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My Canon EOS 20D is now five years old, and still going strong after well over 20000 photos. If we just look at the purchase price of the camera alone this works out at maybe £0.05 per shot which sounds like a pretty good deal. Obviously I’ve since spent a good deal of money on lenses and a few other bits and bobs though so including them in the calculation, this averages out to £0.15 so far – still pretty cheap. It’s these kind of numbers that explain the explosion in digital photography in the last half decade.

And as a camera the 20D performs brilliantly. It feels just right in my hand and I personally find the control layout perfect. It has almost everything I would want if I was buying a replacement, the only exceptions being spot metering and a larger modern LCD. In fact when I inevitably have to buy a replacement I will be slightly resentful that I will doubtless be paying for a whole load of video capability that I’m just not interested in, and a few extra mega-pixels that I just won’t need. The 20D is 8.2 Mp and I have made an 80cm print from it that looks pretty good; 15Mp (as in the current 50D model) therefore seems a little over the top.

The 20D has been crucial to my development as a photographer over the last few years. Firstly it revived my interest in photography after a long period of neglect. I then followed what I think is the usual practice for new DSLR owners, and took far too many photographs whenever I went anywhere with the camera. It’s easy to mock this sort of behaviour, but I actually think it’s valuable in some ways. Spending a lot of time going through all these images seeing what worked, what didn’t – looking at them critically in other words – helps to understand the limits of the camera, and teaches you how to process the RAW files into images worthy of display.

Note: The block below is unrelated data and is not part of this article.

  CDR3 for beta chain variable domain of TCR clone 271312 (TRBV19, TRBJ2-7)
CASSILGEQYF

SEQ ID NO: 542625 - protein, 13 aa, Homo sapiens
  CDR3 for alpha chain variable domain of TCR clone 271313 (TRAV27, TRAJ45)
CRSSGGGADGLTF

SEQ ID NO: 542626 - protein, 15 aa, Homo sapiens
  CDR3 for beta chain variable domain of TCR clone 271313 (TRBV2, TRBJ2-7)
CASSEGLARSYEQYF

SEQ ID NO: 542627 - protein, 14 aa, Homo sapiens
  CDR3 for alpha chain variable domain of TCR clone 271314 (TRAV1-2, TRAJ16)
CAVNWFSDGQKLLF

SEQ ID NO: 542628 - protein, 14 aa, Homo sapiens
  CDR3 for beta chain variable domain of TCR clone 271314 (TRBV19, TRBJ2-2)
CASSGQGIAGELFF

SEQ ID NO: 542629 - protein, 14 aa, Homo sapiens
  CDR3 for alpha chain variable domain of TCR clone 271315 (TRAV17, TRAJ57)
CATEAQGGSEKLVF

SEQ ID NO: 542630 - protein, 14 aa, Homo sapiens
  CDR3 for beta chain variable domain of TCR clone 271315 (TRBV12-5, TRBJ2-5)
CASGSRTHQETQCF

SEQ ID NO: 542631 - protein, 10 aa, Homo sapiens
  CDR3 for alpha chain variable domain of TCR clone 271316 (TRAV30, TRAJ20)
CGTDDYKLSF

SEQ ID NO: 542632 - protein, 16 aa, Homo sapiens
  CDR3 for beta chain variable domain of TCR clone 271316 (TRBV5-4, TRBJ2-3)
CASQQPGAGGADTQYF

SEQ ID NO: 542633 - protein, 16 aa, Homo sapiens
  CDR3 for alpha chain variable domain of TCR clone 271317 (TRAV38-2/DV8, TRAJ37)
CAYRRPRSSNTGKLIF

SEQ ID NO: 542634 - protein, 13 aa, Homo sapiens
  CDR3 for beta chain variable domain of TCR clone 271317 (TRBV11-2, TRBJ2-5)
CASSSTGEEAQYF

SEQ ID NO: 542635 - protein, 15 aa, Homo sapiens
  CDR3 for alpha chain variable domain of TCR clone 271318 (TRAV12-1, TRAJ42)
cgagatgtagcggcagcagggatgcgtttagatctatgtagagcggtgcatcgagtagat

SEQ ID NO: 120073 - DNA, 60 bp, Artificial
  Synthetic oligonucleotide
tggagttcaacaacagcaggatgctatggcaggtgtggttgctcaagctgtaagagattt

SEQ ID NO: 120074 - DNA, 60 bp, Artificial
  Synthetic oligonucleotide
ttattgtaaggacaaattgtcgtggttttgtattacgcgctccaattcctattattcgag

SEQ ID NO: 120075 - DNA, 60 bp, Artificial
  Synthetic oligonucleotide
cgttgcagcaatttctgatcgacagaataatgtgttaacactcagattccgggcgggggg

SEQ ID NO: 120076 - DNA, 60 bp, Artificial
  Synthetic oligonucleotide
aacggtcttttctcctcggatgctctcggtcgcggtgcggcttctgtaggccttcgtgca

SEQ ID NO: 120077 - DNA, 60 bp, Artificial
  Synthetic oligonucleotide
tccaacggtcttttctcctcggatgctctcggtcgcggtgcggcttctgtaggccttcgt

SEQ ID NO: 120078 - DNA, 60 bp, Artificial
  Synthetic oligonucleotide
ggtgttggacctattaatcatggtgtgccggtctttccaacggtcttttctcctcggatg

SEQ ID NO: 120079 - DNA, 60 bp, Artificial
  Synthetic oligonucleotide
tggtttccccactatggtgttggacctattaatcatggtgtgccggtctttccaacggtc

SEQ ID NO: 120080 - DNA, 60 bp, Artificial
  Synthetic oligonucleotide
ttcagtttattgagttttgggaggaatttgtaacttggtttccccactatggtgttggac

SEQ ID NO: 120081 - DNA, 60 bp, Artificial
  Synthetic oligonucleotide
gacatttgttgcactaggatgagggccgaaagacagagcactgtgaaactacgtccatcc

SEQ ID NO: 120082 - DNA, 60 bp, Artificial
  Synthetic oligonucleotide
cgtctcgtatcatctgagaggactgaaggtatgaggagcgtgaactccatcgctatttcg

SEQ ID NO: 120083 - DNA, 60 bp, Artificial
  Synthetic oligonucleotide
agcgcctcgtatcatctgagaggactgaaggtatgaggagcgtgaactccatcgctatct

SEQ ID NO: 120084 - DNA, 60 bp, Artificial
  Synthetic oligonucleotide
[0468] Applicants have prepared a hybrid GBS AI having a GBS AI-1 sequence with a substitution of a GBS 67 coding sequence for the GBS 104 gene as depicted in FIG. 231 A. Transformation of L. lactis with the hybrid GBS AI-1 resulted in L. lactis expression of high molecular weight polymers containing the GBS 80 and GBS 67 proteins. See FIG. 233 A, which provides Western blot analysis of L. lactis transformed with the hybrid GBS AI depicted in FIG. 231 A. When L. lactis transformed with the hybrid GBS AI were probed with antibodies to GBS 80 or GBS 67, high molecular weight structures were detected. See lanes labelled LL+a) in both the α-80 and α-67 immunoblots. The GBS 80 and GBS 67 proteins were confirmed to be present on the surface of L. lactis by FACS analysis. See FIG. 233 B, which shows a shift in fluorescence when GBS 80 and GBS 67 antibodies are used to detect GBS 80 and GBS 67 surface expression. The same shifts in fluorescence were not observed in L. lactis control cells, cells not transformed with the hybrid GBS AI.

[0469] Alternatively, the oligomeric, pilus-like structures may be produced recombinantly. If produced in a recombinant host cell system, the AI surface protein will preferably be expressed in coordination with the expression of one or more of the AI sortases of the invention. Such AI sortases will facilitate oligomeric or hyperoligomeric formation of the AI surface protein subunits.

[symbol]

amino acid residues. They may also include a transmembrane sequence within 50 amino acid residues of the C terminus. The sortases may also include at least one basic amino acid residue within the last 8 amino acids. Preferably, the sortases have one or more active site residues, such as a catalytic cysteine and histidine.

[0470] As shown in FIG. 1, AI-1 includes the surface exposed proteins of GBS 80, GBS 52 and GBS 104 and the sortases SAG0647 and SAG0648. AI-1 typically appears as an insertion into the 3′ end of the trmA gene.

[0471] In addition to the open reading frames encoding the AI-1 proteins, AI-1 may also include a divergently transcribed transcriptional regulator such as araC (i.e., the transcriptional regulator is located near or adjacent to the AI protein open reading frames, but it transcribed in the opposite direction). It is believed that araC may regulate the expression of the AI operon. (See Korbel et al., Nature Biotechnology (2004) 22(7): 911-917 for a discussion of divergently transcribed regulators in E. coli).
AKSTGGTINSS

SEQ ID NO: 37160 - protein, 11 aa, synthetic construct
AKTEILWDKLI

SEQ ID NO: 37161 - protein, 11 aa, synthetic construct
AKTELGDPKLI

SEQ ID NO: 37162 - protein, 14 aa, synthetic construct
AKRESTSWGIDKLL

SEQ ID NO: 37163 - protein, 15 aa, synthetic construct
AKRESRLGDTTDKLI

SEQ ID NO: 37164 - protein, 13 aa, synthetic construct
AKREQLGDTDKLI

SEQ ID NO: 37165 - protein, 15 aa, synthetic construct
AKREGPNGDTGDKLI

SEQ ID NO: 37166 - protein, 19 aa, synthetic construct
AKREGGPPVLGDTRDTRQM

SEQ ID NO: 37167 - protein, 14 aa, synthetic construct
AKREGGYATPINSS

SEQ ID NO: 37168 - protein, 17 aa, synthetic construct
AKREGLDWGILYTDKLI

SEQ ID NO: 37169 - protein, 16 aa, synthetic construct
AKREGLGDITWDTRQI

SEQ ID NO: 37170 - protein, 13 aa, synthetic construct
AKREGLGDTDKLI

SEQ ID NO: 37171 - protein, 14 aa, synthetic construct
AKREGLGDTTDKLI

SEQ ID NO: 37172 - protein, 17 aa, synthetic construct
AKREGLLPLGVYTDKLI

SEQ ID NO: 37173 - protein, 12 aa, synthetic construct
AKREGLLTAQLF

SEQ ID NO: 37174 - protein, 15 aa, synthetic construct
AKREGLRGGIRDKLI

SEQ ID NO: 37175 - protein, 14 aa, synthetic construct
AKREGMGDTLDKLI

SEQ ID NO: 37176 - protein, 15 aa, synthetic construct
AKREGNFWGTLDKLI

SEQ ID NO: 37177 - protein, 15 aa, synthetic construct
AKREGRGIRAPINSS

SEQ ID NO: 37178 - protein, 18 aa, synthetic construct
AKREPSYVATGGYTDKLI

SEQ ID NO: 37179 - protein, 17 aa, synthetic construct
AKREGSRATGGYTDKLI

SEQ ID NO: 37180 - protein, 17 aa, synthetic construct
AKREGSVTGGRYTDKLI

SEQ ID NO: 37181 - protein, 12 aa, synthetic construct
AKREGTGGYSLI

Speaking for myself here, it helped get my brain back into the habit of thinking visually again, and as it did, I found myself taking fewer and fewer shots, and the “hit rate” increased. It was around this point that things got serious and I realised I’d fallen properly in love with photography again, and out came the film again. Now if you’d told me when I bought the 20D that in five years time I’d be shooting more film than ever, you would have got a very raised eyebrow. However, the 20D has fired me up to explore as many aspects of photography as possible, from homemade pinhole cameras to medium format beasts like the Bronica. Along the way I think I’ve produced some pretty good photographs that never would have happened without it.

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